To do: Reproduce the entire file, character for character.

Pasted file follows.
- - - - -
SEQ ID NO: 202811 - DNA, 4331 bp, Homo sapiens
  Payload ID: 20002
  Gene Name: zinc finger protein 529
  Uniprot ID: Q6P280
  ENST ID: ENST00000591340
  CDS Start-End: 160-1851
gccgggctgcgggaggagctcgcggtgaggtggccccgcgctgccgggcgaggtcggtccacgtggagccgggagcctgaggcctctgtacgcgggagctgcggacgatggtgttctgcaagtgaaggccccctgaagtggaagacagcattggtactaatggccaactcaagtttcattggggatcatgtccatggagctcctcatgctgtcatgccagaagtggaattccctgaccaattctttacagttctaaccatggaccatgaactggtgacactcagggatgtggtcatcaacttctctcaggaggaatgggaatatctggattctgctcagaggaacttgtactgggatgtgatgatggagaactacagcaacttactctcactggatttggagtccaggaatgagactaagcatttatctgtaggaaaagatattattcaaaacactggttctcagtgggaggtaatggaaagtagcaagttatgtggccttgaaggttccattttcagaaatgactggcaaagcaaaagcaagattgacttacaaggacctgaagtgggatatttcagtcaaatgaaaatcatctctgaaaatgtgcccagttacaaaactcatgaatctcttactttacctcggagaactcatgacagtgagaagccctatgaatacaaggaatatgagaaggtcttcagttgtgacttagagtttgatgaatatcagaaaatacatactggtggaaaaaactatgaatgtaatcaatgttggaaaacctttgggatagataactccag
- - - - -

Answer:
SEQ ID NO: 202811 - DNA, 4331 bp, Homo sapiens
  Payload ID: 20002
  Gene Name: zinc finger protein 529
  Uniprot ID: Q6P280
  ENST ID: ENST00000591340
  CDS Start-End: 160-1851
gccgggctgcgggaggagctcgcggtgaggtggccccgcgctgccgggcgaggtcggtccacgtggagccgggagcctgaggcctctgtacgcgggagctgcggacgatggtgttctgcaagtgaaggccccctgaagtggaagacagcattggtactaatggccaactcaagtttcattggggatcatgtccatggagctcctcatgctgtcatgccagaagtggaattccctgaccaattctttacagttctaaccatggaccatgaactggtgacactcagggatgtggtcatcaacttctctcaggaggaatgggaatatctggattctgctcagaggaacttgtactgggatgtgatgatggagaactacagcaacttactctcactggatttggagtccaggaatgagactaagcatttatctgtaggaaaagatattattcaaaacactggttctcagtgggaggtaatggaaagtagcaagttatgtggccttgaaggttccattttcagaaatgactggcaaagcaaaagcaagattgacttacaaggacctgaagtgggatatttcagtcaaatgaaaatcatctctgaaaatgtgcccagttacaaaactcatgaatctcttactttacctcggagaactcatgacagtgagaagccctatgaatacaaggaatatgagaaggtcttcagttgtgacttagagtttgatgaatatcagaaaatacatactggtggaaaaaactatgaatgtaatcaatgttggaaaacctttgggatagataactccag